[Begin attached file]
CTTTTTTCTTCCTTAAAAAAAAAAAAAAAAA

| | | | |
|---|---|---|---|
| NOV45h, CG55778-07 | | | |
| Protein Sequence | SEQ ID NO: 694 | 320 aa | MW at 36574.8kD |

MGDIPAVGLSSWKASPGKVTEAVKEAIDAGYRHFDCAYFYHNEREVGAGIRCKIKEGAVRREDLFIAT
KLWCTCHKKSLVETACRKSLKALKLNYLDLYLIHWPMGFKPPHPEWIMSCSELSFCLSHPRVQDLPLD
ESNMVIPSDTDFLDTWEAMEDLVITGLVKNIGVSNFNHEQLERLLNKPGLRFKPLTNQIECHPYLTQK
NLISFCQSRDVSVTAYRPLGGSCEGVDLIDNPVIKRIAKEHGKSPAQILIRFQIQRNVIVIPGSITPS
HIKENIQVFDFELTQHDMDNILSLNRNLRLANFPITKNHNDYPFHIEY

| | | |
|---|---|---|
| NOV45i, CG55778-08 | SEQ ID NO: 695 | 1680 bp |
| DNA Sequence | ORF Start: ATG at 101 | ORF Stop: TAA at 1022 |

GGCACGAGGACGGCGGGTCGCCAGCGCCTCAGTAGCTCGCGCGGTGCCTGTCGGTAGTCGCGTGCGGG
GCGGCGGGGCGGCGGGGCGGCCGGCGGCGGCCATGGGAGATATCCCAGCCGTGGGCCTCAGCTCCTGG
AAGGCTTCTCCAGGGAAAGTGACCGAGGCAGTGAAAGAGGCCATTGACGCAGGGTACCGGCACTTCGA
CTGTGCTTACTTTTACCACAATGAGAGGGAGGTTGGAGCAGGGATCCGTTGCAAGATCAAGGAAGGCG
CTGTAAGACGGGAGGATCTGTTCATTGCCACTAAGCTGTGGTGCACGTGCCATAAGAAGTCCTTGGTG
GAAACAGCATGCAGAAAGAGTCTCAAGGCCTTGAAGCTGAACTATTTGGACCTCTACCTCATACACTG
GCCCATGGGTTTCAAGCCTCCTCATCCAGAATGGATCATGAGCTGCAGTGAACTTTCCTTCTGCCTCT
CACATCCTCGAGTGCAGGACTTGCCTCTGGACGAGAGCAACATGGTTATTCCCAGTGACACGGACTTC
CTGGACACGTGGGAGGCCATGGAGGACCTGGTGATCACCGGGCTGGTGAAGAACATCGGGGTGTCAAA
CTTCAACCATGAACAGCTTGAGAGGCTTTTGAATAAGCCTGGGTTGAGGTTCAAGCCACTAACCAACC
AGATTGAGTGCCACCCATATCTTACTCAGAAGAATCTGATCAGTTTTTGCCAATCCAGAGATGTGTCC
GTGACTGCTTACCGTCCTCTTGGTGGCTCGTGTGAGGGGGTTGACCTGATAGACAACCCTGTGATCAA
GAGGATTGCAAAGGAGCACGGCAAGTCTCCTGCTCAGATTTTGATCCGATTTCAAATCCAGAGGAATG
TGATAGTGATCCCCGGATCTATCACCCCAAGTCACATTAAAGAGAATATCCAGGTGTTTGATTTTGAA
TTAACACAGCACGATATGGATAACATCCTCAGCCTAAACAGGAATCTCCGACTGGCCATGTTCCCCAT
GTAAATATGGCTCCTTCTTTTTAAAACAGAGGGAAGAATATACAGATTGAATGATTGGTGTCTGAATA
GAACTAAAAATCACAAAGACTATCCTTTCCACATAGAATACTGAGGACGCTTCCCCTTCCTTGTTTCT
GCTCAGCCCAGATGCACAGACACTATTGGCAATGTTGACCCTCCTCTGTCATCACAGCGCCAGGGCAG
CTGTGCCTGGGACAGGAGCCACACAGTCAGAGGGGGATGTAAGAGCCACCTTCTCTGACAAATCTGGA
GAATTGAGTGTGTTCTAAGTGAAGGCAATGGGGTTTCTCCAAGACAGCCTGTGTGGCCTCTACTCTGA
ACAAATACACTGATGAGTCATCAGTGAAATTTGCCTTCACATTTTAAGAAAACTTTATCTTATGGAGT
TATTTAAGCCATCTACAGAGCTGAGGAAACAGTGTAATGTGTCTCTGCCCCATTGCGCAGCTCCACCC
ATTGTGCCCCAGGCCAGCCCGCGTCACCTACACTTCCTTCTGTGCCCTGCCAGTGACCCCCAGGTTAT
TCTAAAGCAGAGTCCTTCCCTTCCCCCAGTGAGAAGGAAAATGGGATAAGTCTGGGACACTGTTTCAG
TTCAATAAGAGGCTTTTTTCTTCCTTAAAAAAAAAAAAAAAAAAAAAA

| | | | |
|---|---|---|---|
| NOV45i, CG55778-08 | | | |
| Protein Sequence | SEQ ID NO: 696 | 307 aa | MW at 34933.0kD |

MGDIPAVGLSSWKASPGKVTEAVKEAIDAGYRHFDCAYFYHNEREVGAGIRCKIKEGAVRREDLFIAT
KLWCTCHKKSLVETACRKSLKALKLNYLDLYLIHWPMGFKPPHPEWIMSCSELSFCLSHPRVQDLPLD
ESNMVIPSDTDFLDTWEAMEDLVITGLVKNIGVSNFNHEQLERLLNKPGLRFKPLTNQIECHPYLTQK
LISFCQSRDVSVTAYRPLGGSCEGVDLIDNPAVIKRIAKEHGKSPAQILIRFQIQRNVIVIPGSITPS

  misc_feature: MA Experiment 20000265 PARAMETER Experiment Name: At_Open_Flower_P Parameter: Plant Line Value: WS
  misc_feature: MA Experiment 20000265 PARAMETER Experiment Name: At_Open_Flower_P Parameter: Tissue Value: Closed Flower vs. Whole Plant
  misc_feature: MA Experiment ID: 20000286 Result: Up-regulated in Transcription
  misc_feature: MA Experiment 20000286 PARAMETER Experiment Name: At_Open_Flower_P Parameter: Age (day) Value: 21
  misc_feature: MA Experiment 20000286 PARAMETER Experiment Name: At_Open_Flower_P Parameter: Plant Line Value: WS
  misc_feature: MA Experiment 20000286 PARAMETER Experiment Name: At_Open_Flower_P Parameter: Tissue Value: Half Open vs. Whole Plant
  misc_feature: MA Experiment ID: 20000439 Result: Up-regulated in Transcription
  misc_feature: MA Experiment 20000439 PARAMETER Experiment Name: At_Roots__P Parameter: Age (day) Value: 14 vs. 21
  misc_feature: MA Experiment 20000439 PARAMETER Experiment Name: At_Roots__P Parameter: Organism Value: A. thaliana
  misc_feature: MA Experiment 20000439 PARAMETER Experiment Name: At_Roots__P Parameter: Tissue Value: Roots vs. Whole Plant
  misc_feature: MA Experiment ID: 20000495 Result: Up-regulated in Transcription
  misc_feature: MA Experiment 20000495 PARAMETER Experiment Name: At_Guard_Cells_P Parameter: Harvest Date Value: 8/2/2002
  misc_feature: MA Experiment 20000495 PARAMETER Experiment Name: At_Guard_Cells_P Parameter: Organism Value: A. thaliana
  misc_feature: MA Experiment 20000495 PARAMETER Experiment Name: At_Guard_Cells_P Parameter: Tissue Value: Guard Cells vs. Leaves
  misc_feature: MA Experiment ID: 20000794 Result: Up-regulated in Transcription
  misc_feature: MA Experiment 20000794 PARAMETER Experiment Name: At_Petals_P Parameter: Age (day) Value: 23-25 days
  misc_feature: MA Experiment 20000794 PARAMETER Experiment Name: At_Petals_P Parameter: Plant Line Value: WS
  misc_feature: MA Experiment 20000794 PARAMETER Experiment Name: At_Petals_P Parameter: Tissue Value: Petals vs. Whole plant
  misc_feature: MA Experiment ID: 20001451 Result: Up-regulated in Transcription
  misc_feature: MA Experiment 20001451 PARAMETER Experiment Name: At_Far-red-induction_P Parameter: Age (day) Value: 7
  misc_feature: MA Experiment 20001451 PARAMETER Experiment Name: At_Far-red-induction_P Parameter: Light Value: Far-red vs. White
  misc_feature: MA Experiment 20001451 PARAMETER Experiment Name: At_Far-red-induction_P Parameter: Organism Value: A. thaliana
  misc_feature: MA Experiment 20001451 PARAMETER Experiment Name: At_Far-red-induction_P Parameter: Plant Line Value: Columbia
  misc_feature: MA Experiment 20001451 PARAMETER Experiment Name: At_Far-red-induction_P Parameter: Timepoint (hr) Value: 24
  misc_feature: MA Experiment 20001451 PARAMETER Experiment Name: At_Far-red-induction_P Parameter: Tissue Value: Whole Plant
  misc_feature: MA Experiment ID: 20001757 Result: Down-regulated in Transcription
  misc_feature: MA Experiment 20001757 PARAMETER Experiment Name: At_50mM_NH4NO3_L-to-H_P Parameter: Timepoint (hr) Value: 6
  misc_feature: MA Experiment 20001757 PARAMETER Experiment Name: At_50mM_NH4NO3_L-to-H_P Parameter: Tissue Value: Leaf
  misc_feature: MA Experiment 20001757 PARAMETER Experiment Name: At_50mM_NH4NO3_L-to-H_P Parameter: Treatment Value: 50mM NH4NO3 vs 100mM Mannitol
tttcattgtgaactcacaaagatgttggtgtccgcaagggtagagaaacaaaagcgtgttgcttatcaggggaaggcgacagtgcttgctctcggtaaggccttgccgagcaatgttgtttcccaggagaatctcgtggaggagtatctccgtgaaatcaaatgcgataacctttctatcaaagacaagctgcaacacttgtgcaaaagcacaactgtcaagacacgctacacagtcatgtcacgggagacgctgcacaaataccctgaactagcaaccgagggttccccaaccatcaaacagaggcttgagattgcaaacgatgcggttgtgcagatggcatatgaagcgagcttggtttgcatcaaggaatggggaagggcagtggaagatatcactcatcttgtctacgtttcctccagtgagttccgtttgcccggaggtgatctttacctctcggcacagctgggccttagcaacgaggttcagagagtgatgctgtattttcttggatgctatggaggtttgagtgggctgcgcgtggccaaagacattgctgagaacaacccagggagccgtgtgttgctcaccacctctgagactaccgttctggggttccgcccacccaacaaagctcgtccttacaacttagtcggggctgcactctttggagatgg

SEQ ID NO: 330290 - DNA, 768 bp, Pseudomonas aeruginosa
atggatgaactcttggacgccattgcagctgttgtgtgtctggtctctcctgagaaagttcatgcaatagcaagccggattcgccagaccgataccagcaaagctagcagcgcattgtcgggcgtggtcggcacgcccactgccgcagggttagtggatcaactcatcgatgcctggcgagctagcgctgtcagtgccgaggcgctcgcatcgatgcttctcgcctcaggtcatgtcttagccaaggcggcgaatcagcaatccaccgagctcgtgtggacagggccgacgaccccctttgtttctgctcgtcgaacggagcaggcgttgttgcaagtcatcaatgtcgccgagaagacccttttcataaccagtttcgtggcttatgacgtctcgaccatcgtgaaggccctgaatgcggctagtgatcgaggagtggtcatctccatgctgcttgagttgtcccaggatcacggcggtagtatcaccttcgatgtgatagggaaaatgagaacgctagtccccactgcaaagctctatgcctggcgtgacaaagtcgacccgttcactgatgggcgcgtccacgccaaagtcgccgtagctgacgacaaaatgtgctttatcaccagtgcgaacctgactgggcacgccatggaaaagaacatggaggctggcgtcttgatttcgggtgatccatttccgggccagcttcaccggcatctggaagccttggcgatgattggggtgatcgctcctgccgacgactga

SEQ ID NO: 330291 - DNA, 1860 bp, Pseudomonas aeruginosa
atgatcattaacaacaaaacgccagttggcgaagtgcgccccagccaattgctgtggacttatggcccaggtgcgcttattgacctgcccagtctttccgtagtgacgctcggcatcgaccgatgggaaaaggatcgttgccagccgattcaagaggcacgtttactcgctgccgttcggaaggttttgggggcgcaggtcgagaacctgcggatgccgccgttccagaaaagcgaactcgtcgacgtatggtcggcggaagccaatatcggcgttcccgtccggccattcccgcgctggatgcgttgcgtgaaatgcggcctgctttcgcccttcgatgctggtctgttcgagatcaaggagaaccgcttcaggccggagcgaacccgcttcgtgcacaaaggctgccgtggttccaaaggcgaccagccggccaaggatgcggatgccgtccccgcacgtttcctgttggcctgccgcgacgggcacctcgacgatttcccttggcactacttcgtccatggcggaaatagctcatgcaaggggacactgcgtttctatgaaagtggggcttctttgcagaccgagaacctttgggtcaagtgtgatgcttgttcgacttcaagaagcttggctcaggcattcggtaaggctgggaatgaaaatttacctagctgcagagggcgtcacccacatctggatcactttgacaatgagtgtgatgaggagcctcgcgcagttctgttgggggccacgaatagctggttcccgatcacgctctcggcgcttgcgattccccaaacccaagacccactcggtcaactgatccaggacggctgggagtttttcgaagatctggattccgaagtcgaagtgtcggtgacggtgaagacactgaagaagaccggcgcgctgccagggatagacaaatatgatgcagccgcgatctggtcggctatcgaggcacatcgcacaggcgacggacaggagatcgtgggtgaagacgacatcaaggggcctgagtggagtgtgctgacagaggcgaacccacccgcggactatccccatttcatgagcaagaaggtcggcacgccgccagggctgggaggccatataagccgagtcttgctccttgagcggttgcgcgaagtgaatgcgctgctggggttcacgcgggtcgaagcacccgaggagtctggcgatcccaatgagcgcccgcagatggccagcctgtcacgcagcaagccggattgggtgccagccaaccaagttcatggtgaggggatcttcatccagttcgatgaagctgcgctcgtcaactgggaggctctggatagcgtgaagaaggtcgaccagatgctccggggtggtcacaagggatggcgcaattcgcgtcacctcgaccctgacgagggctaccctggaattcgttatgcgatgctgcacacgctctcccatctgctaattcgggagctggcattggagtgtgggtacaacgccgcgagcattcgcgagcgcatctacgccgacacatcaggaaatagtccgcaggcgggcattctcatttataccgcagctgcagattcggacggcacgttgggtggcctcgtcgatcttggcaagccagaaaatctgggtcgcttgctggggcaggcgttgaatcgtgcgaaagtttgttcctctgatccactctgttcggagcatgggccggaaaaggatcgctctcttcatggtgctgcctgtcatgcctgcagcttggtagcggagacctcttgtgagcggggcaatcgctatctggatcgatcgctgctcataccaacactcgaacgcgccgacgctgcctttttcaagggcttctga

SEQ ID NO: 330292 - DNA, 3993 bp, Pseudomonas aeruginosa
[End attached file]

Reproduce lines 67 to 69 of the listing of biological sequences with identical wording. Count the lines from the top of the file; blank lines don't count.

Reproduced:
  misc_feature: MA Experiment 20001451 PARAMETER Experiment Name: At_Far-red-induction_P Parameter: Age (day) Value: 7
  misc_feature: MA Experiment 20001451 PARAMETER Experiment Name: At_Far-red-induction_P Parameter: Light Value: Far-red vs. White
  misc_feature: MA Experiment 20001451 PARAMETER Experiment Name: At_Far-red-induction_P Parameter: Organism Value: A. thaliana